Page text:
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prior experience with an application, which is typically the case with enterprise social software, these costs will typically be higher as IT must get trained and certified to administer and support the unfamiliar application. IT overhead costs for licensed software are not only significant, they are also typically underestimated. Accurately predicting the licensed software overhead is even more difficult for a new application category, as there is no history to draw on. Since this is typically the biggest cost that needs to be considered, if it is incorrectly estimated, the projected bottom line results can be grossly overstated. For these reasons, in cases where the application category is new, the software-as-a-service subscription model makes especially good business sense. It avoids investing up front in any one application while the category is still rapidly evolving, it eliminates the risk of underestimating the overhead effort, which is exacerbated by the newness of the product category, and it provides all the traditional cost benefits of software as a service. Budget considerations & hidden costs Gartner estimates that more than 75% of the typical IT budget is spent simply maintaining and running licensed software and its required infrastructure. This means 75% of the IT budget is not focused on strategic initiatives and core competencies. In difficult economic times where IT budgets are constrained, this is especially problematic as IT needs to affect change with what remains of their budget after keeping existing systems running. Subscription software allows this discretionary IT budget to go further, which is especially important in uncertain economic times. It also frees IT from the risks associated with hidden costs that can wreak havoc on a tightly bounded budget. Support Any application destined for widespread use has the potential for significant support costs, for the simple reason that it is being used by a lot of people. So support is an important variable in the total cost of ownership calculation for enterprise social software. Here again a SaaSbased solution can drive down TCO. The SaaS vendor is motivated to drive adoption and maintain that adoption over time to support their primary financial objective: recurring revenue. Support is a critical success factor in driving and maintaining adoption. You should look for a SaaS vendor who offers the option of direct user support, with a solution that offers clear, easy-to-navigate online help. De-risking the single biggest success factor: Adoption Social software drives group productivity vs. personal productivity, and as such adoption is critical to success. A group productivity product can only benefit the group if it is used by the group. The software-as-a-service model is much better suited for this type of product, since it is much better suited to drive user adoption. Since software-as-a-service vendors sell a recurring service, the sale does not end when the initial contract is signed. SaaS vendors have a significant financial interest in driving adoption and creating a broad base of happy and loyal users. Up-front investment Since social software is a new product category, the market is still rapidly evolving and an organization likely has not had a chance to experience and quantify the benefits first-hand. As such, it makes sense to de-risk your initial investment as much as possible. With traditional licensed software, you typically have to invest in hardware and software infrastructure for the initial application deployment. This usually represents a large upfront cost. With an unfamiliar application, capacity needs are especially hard to predict, so the organization typically faces one of two evils: over-provisioning infrastructure, which underutilizes capacity, or under-provisioning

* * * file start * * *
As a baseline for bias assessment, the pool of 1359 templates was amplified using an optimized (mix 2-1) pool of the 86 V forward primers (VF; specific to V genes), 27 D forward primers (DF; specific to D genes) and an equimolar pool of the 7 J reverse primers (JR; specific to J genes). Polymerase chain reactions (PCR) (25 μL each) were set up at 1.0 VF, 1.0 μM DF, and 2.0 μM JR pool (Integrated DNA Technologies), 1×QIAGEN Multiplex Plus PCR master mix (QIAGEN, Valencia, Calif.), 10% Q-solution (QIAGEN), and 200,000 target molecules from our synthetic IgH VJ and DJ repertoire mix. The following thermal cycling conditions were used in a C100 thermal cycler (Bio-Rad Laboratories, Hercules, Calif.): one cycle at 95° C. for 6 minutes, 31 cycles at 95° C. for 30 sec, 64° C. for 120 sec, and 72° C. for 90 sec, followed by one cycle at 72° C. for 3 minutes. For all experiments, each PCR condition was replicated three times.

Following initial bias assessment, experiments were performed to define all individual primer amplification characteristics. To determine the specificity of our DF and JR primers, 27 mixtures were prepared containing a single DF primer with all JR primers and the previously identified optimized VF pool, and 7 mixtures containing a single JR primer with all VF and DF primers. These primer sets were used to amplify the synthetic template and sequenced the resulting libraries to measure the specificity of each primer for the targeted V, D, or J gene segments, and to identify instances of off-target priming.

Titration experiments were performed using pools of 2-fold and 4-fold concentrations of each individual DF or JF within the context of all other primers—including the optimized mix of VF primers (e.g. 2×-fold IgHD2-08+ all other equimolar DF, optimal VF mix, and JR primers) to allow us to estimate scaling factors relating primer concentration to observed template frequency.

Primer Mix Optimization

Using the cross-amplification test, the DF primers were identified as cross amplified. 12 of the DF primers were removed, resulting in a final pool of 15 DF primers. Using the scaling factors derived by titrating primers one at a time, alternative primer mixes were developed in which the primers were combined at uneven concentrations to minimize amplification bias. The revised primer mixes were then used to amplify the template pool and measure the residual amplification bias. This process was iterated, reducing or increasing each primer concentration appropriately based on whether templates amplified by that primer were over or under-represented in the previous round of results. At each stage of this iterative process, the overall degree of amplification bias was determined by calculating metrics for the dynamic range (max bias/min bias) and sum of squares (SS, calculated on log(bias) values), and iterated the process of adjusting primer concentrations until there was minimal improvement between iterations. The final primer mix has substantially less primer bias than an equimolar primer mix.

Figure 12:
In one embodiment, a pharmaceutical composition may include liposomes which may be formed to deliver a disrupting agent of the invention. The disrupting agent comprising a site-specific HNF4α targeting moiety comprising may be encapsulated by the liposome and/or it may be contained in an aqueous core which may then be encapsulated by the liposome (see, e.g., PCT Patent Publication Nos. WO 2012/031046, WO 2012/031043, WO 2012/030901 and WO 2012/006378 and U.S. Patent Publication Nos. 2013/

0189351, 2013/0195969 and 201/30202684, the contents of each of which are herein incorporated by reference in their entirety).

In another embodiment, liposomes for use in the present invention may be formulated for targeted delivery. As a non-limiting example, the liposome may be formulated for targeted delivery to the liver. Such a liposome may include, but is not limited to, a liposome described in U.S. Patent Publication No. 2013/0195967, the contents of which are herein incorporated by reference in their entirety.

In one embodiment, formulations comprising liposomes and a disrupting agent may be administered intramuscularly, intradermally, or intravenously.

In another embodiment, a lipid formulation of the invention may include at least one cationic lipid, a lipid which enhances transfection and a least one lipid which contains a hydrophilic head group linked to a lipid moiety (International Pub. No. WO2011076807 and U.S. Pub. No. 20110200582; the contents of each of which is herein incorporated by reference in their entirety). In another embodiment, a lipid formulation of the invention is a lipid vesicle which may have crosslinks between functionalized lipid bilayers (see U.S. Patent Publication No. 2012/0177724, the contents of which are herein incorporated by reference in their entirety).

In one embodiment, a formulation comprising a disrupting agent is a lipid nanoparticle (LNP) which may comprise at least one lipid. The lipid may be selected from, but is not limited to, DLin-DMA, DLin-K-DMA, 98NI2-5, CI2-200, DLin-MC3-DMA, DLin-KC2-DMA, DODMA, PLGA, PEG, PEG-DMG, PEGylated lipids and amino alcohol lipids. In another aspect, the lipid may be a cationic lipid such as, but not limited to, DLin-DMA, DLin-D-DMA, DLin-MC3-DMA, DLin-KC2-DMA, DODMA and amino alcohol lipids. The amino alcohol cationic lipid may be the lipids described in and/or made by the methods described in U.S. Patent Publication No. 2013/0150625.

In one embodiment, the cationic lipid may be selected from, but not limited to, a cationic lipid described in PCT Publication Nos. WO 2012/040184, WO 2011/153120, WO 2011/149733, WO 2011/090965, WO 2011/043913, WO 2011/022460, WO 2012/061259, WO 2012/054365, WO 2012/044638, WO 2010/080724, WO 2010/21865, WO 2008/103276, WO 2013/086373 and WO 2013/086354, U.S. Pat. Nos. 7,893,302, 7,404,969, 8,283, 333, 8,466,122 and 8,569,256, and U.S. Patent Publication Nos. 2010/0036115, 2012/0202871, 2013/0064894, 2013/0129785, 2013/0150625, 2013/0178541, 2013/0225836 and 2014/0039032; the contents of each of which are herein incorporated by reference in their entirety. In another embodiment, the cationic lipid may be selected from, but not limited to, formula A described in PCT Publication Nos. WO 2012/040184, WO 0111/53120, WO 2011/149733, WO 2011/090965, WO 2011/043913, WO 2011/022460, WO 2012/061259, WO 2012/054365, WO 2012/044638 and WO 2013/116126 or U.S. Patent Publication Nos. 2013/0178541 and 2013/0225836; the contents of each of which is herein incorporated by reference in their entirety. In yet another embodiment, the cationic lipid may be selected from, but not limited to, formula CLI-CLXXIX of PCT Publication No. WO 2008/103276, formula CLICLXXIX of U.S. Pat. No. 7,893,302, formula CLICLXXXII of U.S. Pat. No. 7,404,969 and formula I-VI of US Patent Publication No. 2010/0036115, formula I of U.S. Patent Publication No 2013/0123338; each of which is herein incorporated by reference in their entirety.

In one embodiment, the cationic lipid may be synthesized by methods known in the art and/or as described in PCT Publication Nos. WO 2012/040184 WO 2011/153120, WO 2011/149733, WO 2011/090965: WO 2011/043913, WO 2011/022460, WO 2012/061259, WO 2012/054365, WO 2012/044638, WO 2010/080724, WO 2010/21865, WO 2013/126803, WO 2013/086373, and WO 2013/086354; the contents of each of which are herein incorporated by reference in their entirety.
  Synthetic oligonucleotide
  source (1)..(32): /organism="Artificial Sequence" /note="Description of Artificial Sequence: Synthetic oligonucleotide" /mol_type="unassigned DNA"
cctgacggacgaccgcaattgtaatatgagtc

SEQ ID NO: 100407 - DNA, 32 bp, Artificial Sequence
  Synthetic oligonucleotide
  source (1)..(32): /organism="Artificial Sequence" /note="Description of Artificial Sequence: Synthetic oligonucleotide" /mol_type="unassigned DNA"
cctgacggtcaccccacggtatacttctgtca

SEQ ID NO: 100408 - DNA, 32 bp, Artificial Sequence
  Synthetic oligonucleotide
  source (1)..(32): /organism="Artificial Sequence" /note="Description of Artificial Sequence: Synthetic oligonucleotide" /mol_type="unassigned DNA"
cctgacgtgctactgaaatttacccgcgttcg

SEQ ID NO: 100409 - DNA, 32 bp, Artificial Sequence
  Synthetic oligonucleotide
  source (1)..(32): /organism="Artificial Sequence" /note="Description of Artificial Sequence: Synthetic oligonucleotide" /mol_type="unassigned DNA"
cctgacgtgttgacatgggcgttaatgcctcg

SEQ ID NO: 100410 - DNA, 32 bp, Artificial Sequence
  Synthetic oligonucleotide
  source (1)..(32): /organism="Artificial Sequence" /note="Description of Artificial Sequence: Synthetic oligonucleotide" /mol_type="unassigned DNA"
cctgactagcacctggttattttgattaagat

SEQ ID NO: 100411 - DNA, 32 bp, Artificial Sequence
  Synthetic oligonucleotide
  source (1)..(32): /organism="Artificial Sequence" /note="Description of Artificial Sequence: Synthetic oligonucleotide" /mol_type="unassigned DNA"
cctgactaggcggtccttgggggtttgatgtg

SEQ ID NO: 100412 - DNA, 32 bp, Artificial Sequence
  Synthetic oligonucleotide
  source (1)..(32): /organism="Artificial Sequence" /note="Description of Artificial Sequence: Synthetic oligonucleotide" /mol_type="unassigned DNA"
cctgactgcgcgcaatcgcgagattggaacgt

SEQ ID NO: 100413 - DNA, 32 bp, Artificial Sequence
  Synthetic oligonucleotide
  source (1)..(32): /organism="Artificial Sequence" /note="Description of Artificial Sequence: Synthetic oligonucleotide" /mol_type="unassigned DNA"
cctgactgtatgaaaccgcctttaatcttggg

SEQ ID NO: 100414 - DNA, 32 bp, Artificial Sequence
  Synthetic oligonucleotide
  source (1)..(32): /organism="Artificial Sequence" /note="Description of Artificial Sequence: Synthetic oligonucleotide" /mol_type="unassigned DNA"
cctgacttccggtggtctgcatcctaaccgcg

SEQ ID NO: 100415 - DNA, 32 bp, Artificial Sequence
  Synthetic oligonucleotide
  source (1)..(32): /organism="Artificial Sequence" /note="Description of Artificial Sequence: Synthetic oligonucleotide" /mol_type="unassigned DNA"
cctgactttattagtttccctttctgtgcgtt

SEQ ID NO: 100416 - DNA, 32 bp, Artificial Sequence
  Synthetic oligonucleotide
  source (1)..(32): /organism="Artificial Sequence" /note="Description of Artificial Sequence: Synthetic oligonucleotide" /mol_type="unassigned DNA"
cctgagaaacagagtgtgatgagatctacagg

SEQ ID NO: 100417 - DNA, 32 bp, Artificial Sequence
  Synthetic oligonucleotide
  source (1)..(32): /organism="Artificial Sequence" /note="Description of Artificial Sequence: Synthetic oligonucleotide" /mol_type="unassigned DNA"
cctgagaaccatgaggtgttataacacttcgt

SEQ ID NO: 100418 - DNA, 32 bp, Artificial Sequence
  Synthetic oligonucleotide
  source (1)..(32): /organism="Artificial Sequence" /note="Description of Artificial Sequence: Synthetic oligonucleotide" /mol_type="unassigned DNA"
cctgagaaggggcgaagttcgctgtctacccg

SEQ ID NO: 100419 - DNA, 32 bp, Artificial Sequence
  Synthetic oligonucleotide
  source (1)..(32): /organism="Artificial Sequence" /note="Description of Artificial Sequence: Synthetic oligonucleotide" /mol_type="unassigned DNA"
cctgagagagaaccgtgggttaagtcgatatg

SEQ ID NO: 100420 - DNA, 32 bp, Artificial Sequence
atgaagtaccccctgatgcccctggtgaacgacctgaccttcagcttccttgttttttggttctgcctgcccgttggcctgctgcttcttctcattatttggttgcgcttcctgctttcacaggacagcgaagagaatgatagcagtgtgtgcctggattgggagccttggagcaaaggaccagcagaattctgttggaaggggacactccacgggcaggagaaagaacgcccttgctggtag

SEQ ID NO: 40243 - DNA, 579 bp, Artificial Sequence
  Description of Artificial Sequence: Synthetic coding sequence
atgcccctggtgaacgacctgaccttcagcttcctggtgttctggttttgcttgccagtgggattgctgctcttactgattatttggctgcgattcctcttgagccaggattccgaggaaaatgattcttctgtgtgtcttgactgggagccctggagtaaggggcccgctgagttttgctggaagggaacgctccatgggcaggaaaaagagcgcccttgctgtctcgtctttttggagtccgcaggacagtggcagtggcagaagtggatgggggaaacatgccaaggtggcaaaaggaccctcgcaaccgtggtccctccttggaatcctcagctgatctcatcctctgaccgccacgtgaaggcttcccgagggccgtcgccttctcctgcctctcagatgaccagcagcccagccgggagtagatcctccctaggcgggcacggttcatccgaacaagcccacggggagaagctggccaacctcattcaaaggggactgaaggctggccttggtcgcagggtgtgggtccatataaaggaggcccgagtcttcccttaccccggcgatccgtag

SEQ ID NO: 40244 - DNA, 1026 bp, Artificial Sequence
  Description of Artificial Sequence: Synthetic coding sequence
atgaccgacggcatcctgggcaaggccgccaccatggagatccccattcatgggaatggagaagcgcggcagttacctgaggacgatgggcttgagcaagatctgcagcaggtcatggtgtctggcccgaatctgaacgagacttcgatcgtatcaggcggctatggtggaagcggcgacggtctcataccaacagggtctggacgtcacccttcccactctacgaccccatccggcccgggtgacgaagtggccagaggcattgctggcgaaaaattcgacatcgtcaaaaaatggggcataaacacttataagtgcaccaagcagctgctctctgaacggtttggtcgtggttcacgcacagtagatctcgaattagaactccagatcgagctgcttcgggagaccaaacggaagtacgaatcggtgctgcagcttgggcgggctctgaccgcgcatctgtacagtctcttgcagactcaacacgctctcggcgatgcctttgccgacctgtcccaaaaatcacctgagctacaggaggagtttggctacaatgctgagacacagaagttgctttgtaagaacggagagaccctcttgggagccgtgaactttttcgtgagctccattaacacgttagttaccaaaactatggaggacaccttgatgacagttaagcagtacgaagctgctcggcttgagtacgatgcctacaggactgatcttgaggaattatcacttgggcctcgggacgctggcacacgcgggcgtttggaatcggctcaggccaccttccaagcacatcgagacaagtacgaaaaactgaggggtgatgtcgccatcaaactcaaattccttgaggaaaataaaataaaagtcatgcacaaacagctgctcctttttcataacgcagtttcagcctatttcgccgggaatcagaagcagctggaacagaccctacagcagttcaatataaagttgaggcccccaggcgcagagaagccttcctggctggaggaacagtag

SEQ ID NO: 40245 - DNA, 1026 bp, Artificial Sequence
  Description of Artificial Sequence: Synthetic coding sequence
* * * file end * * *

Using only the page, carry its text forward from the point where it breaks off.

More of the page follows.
Since SaaS vendors rely recurring revenue, their focus is on ensuring high loyalty and adoption over time rather than providing incentives to buy more than is needed in the initial purchase.